7 Naltrexone Efficacy Naltrexone Safety and Side Effects Highly effective in controlled, inpatient studies Can be taken daily or three times per week Compliance and treatment retention are poor in general in outpatient clinical trials Compliance is better in motivated patients (e.g., physicians, business professionals) Very safe in usual dose range Higher than usual doses may produce increases in liver function tests (LFTs) Most commonly reported side effects are abdominal complaints and dysphoria (although both are rare) Gary Byrd Gary Byrd Government Regulation of Naltrexone Treatment Not scheduled; no abuse potential No special regulations governing naltrexone use Phases of Buprenorphine Treatment Dose induction and stabilization Maintenance Medically-supervised withdrawal Gary Byrd Gary Byrd Rapid and direct dose Induction: Short-Acting Opioids Patients taking short-acting opioids (e.g., heroin) can be placed directly on Suboxone Most patients complete induction and can achieve a stable dose of medication within 7days Induction should be rapid and doses adjusted to clinical need as quickly as possible to reduce withdrawal and craving and prevent early drop-out Induction from Long-Acting Opioids (Methadone) More controlled data are needed to determine optimal strategies for Crossover Current US guidelines recommend lowering dose to the equivalent of about 40 mg of methadone before attempting to transfer Physicians should not necessarily refuse to treat patients on higher doses of methadone or require a substantial lowering of their current medication dose before attempting transfer Gary Byrd Gary Byrd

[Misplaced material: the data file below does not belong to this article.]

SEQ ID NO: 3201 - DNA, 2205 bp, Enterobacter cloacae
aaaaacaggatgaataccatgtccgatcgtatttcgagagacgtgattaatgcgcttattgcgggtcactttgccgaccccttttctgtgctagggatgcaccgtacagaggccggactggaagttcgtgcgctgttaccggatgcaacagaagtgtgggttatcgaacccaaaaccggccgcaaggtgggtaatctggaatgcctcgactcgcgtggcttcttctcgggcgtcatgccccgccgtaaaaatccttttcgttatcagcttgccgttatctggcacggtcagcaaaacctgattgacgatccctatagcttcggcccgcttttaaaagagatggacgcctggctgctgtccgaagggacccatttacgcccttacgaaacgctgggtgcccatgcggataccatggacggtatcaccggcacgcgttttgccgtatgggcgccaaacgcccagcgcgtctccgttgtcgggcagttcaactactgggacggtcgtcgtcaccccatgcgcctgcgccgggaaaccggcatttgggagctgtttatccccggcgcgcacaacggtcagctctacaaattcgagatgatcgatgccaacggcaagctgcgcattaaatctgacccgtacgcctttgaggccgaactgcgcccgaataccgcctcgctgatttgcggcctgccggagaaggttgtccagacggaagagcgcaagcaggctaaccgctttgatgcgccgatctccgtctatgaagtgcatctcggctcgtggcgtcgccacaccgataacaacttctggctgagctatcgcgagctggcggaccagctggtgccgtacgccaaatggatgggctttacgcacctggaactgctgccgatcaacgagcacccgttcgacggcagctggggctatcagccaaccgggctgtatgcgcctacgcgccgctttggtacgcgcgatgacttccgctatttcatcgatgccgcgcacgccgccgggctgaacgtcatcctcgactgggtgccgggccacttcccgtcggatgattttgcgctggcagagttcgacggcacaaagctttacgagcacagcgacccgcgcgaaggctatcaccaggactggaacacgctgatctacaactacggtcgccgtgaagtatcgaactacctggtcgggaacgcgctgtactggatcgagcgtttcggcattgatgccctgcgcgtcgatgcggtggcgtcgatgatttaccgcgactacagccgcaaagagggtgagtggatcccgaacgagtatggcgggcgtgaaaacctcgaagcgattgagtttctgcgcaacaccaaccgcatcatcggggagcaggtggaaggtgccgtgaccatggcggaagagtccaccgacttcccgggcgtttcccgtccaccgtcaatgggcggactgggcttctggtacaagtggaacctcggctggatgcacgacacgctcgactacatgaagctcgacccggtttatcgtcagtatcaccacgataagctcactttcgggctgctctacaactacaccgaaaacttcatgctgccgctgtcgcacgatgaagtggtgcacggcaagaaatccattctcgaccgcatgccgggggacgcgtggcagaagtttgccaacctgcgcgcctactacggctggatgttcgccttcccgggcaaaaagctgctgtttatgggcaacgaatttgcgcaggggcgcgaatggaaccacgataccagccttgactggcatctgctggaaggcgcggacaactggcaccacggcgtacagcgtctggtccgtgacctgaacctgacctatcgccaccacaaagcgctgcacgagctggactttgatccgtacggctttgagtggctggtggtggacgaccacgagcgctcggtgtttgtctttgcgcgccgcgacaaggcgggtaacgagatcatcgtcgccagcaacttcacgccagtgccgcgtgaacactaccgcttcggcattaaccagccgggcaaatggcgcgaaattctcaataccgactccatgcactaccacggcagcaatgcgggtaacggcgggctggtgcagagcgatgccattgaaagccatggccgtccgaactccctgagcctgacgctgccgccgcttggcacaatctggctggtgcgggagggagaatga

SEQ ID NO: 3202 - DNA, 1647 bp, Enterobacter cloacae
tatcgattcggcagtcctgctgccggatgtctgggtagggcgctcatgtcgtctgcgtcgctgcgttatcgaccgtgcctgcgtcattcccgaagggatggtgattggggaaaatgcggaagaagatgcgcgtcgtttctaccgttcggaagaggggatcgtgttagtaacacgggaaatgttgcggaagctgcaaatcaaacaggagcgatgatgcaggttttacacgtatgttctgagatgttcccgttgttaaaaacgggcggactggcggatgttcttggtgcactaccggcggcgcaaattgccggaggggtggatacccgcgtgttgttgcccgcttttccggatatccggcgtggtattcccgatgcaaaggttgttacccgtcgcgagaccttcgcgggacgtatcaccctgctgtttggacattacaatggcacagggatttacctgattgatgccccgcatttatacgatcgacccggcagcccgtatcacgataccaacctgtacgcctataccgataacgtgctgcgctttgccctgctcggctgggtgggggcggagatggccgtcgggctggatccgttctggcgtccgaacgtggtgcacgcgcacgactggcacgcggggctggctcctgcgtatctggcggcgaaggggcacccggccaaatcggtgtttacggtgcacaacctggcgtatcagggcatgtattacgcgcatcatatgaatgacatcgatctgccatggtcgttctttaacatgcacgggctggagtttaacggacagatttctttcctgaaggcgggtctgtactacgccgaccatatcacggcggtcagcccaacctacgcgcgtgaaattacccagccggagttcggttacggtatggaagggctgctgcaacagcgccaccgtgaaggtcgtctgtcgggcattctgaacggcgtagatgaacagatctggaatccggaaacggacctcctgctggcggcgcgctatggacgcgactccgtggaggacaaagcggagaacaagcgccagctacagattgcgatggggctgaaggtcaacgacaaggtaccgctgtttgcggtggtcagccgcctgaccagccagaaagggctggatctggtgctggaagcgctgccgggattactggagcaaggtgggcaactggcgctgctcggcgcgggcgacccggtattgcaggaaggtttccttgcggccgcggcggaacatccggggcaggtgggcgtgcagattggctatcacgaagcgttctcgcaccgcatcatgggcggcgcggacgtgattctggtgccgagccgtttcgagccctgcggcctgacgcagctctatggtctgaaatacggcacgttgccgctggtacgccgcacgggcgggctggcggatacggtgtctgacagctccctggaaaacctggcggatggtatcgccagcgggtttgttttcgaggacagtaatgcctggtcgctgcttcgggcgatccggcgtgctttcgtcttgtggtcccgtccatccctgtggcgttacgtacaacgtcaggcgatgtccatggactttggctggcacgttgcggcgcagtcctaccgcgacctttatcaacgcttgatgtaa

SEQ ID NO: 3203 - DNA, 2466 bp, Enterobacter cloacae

8 Maintenance Considerations We should consider buprenorphine as a maintenance drug Regulations must be brought into alignment with clinical opportunity Flexibility of dosing: 3X/wkdosing Medically supervised withdrawal Good agent for pharmacologic withdrawal from opioids slow dissociation from receptor, extended duration of action, less/milder withdrawal when discontinued Research more limited in this area but we do know: Subutex /Suboxone better than clonidine Ancillary medications should be made available but not always necessary May help attract more patients into treatment Gary Byrd Gary Byrd Effective Medically Supervised Withdrawal should: Be the initial step in a treatment continuum Safely control symptoms of withdrawal Engage patients through out the actual withdrawal insuring completion Facilitate their transfer into long term treatment Gary Byrd Effective Medically Supervised Withdrawal should: Be the initial step in a treatment continuum Safely control symptoms of withdrawal Engage patients through out the actual withdrawal insuring completion Facilitate their transfer into long term treatment Gary Byrd Medically supervised withdrawal: Summary Short-term supervised withdrawal using Suboxone and ancillary medications is safe, can maintain good duringtreatment compliance and retain patients through the end of the dose taper Such programs may improve early treatment engagement among patients resistant to maintenance therapy and may provide a gateway to longer-term care May be a good first-line option for younger users, those with limited treatment histories and/or patients who initially refuse maintenance therapy Gary Byrd Evidence support: Summary Safe, well-tolerated, effective and clinically flexible treatment with low abuse potential Good option for maintenance and medically supervised withdrawal Easily integrated into diverse settings (OTP, office, hospital, residential, drug-free, etc.) Potential for enhancing management of special populations As knowledge about buprenorphine expands within OTPs, patient interest also likely to increase Gary Byrd